Perpend isn't used often these days, but when it does show up it is frequently imperative, as in our second example. As such, its use can be compared to the phrase "mark my words." "Perpend" arrived in English in the 15th century from the Latin verb perpendere, which in turn comes from pendere, meaning "to weigh." Appropriately, our English word essentially means "to weigh carefully in the mind." "Pendere" has several descendants in English, including "append," "compendium," "expend," and "suspend." "Perpend" can also be a noun meaning "a brick or large stone reaching through a wall" or "a wall built of such stones," but that "perpend" comes from a Middle French source and is unrelated to the verb.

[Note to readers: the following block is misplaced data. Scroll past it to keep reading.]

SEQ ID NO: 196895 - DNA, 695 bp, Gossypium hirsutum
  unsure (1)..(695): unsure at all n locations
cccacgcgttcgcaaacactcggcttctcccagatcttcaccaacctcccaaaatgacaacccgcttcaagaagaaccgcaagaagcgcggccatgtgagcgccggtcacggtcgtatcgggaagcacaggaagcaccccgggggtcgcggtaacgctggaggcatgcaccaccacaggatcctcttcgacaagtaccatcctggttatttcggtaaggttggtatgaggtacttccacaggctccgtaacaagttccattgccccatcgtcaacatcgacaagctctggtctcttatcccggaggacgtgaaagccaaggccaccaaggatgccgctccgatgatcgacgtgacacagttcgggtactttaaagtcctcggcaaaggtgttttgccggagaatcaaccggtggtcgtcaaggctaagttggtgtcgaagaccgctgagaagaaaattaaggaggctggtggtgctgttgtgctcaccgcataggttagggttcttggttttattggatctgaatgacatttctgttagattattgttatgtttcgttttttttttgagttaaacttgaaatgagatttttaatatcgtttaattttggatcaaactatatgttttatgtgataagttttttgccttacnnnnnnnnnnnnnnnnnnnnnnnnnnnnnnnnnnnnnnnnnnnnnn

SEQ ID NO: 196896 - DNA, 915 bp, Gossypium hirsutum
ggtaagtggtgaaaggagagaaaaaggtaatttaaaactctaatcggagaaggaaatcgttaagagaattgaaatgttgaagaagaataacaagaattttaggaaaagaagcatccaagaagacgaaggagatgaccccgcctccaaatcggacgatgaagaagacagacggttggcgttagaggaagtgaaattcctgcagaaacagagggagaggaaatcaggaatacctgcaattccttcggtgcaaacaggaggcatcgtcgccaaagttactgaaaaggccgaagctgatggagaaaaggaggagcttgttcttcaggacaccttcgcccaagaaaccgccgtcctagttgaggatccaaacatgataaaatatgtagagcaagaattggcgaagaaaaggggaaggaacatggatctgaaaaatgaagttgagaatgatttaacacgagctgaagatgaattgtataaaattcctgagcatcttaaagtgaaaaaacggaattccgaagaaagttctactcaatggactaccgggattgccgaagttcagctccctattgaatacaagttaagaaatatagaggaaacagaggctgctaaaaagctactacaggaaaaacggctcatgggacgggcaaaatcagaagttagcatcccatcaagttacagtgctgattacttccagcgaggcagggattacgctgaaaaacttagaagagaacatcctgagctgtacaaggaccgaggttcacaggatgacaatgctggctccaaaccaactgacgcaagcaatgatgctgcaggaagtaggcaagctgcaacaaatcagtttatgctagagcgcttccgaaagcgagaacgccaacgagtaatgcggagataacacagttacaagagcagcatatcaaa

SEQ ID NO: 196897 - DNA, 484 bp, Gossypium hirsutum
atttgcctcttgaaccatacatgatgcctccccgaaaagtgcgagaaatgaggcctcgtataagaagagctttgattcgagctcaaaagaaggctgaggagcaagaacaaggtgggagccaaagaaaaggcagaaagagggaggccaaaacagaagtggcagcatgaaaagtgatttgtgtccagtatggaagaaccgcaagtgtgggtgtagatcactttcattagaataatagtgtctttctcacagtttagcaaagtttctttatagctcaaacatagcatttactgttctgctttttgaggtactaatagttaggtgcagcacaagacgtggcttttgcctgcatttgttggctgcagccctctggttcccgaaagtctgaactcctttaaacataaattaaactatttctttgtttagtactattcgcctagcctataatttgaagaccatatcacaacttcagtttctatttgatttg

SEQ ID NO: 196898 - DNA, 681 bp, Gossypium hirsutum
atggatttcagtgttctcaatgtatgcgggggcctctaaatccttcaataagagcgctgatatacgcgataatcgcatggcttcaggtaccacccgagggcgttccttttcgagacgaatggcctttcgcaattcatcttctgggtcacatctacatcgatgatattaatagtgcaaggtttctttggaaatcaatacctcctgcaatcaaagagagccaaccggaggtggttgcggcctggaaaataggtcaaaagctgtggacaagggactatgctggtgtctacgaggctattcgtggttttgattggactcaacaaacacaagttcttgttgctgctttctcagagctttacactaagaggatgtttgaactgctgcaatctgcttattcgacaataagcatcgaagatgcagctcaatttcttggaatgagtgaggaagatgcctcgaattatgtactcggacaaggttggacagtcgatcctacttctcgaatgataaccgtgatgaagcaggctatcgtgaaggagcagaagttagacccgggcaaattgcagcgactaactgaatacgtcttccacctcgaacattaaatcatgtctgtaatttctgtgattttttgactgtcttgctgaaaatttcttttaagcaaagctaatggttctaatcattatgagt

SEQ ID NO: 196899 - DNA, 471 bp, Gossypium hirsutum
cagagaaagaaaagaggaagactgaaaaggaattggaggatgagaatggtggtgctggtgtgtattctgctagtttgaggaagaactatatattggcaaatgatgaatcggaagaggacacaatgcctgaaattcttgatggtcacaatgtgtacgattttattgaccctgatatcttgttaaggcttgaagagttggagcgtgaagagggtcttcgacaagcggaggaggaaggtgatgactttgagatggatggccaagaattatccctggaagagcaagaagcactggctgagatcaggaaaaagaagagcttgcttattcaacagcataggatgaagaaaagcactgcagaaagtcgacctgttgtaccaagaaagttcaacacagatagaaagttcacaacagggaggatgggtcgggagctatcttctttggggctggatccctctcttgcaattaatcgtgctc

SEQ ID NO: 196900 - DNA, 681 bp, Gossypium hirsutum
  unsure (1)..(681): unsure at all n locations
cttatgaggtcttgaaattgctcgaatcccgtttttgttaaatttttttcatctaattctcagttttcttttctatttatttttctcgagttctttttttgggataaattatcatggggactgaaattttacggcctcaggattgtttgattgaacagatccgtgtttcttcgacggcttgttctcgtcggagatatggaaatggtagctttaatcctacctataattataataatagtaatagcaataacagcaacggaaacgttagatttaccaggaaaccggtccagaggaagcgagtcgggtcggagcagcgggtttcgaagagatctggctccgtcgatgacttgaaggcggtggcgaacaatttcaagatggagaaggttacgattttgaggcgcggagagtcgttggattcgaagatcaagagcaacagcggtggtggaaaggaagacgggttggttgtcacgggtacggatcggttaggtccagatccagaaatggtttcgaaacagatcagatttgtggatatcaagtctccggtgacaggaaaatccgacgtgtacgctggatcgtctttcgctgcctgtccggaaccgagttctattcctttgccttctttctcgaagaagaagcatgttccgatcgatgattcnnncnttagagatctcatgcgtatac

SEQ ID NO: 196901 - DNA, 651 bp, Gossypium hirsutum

Examples of perpend in a Sentence
spent the long weekend perpending what he wanted to do with his life